It’s a multi-faceted problem Rodondi has been staring at since he took his position at LFD in 2019, a problem that has been exacerbated by COVID. He first shared his concerns in March 2023 when he gave a report to the City Council.

Lebanon Fire District hosts an annual Young Women’s Fire Academy for women ages 16-19, giving potential future firefighters a taste of the work. Photo by Sarah Brown (2018)

He reported the district serves fire calls in 134 square miles consisting of 29,000 people, but it also serves 419 square miles with its ambulance service, serving 38,000 people stretching from Scio to Crabtree to Brownsville. LFD is one of three ambulance providers in Linn County (Albany and Sweet Home being the other two). According to Rodondi, emergency response takes up much of the district’s workload (71%) while fire calls take up 2%.

There are 11 ambulance providers in Linn County, Rodondi added. The 2020 census had the population in Linn County as 128,610. Most of the counties inhabitants reside in or around the three most populated areas: Albany, Lebanon and Sweet Home.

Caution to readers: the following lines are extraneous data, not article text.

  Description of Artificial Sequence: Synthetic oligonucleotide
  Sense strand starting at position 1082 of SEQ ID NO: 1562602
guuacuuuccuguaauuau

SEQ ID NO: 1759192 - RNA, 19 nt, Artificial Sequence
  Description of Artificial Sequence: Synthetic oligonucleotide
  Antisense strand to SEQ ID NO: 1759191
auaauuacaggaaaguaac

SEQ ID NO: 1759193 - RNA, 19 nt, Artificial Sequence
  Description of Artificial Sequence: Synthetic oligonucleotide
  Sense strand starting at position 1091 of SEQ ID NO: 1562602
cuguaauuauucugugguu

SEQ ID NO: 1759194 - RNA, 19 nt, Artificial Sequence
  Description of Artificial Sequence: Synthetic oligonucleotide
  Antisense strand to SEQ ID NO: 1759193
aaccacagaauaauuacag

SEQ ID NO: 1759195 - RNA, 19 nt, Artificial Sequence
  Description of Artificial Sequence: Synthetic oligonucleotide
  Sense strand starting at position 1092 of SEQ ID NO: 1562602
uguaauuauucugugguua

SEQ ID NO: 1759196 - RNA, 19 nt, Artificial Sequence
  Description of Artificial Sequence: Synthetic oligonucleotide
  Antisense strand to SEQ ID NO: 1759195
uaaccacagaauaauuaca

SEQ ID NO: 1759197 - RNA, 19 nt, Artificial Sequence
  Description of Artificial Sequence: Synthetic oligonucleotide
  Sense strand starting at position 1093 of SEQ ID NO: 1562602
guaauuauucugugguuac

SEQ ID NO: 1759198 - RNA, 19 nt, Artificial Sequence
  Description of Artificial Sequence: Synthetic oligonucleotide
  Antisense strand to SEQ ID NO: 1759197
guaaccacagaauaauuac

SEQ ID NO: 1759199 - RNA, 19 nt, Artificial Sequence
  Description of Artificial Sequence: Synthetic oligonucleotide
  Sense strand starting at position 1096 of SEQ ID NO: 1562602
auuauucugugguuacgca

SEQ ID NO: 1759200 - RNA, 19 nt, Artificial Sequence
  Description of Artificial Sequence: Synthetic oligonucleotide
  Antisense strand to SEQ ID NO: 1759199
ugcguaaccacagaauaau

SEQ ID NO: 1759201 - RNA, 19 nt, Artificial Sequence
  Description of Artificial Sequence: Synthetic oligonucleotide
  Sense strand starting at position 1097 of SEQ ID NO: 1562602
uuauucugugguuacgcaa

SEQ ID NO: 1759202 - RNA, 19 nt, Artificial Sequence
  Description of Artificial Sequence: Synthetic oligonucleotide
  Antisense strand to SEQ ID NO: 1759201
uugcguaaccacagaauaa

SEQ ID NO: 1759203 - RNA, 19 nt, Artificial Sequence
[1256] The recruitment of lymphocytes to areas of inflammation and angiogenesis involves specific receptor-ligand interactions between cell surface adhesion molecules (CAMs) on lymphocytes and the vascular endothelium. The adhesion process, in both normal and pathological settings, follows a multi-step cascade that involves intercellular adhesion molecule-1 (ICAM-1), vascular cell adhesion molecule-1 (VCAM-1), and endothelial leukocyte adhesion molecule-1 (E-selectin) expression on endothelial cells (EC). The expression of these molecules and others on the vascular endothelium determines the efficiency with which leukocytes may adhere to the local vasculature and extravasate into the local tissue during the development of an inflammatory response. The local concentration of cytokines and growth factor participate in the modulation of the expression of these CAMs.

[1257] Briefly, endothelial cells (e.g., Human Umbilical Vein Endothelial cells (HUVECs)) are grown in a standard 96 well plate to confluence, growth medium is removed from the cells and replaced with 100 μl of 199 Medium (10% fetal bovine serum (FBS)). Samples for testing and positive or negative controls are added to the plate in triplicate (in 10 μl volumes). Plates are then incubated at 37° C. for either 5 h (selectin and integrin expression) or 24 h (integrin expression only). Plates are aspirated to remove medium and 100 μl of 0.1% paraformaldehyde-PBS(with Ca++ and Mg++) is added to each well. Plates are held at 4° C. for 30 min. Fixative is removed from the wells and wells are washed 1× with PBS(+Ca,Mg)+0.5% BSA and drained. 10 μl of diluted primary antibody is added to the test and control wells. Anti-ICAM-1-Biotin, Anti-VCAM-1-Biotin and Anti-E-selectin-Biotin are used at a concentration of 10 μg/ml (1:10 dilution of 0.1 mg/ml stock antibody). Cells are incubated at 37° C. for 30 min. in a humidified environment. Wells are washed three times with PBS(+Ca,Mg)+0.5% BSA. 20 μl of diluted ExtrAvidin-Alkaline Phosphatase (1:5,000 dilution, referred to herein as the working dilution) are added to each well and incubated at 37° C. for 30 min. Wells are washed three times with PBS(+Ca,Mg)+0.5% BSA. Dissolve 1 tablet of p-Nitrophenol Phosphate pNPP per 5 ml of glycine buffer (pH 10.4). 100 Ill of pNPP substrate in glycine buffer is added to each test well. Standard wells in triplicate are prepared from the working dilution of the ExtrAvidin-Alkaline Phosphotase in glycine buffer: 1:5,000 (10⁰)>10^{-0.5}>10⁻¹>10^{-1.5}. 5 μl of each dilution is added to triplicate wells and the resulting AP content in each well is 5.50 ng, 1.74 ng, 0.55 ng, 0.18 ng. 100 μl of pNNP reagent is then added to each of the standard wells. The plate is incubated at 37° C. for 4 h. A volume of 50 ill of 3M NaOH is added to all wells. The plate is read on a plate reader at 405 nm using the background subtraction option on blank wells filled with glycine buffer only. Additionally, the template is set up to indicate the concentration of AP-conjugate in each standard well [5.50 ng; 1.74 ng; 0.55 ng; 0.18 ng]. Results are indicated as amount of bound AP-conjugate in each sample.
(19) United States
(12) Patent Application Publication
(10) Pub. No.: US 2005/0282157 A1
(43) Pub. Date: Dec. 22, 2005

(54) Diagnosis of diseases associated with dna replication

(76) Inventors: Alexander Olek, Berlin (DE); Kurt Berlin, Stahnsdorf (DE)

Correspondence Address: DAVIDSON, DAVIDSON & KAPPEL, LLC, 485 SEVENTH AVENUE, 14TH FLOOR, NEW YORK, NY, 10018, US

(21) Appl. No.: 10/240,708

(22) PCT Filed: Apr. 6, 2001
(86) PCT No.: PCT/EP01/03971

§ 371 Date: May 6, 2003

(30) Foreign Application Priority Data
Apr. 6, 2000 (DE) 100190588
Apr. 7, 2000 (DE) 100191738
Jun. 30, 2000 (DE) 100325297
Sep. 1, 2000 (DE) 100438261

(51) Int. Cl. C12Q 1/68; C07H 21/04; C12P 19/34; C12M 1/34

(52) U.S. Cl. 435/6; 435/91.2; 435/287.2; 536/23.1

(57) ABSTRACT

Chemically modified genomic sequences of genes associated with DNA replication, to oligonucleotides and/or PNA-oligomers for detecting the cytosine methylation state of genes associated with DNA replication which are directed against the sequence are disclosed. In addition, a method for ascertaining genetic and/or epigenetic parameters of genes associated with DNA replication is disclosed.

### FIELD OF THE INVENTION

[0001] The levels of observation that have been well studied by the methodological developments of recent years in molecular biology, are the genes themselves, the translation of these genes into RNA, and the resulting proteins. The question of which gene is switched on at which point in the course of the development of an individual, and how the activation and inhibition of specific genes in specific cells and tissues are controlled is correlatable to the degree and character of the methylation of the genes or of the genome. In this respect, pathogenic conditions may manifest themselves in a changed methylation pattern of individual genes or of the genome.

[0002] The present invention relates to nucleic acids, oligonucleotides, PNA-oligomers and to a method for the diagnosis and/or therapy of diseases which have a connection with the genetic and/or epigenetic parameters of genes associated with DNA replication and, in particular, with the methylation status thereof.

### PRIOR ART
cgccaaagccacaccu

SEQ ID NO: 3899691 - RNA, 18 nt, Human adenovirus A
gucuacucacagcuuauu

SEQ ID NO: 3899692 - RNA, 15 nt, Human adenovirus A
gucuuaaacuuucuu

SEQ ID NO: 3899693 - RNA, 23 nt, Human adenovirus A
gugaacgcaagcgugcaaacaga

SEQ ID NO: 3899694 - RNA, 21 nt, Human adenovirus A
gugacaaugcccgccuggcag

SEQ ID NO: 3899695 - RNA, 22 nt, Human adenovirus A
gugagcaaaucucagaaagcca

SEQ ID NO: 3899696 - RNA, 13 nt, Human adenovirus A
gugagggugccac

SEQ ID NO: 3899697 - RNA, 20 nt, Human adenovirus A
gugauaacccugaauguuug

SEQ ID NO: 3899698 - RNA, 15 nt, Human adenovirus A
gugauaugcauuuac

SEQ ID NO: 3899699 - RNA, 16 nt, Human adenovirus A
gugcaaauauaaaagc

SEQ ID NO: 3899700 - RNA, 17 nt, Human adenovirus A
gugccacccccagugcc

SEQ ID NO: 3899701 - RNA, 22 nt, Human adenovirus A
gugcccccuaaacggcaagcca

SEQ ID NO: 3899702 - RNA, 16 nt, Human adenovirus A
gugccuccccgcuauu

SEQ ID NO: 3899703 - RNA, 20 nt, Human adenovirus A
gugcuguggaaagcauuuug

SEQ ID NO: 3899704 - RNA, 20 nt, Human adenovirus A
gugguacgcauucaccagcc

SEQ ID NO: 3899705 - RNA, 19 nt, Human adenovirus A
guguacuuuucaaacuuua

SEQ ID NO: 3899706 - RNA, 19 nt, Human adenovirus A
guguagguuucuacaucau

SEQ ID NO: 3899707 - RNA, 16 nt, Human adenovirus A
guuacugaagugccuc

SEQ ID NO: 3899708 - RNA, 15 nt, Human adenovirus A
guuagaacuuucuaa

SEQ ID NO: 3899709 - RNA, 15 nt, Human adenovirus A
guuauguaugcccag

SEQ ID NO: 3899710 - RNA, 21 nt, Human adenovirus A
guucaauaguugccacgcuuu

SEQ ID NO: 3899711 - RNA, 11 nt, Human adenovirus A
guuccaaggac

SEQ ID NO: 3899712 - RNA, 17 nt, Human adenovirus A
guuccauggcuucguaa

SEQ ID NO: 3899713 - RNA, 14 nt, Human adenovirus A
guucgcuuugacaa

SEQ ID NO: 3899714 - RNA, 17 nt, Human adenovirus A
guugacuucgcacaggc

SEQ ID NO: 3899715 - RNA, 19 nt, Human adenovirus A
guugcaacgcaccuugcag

“Lebanon is one of the fastest-growing communities in the state and you should be proud of that,” Rodondi told the council. “However, my caution to you is when you build units at such a fast rate, you can outpace your public safety. We’re not able to keep up with that demand, so what happens and the potential is you dilute services to your existing population.”

Ambulance service operates like a business for many fire departments. They provide a service and send out billing. However, much of the community LFD serves is insured through Medicare and Medicaid, and the costs incurred through those patients are federally required to be written off. Rodondi presented data indicating LFD receives only 35% of what it bills and has to write off 60% due to government regulations. In 2022, the fire district billed $7,711,715, but wrote off $4,795,948.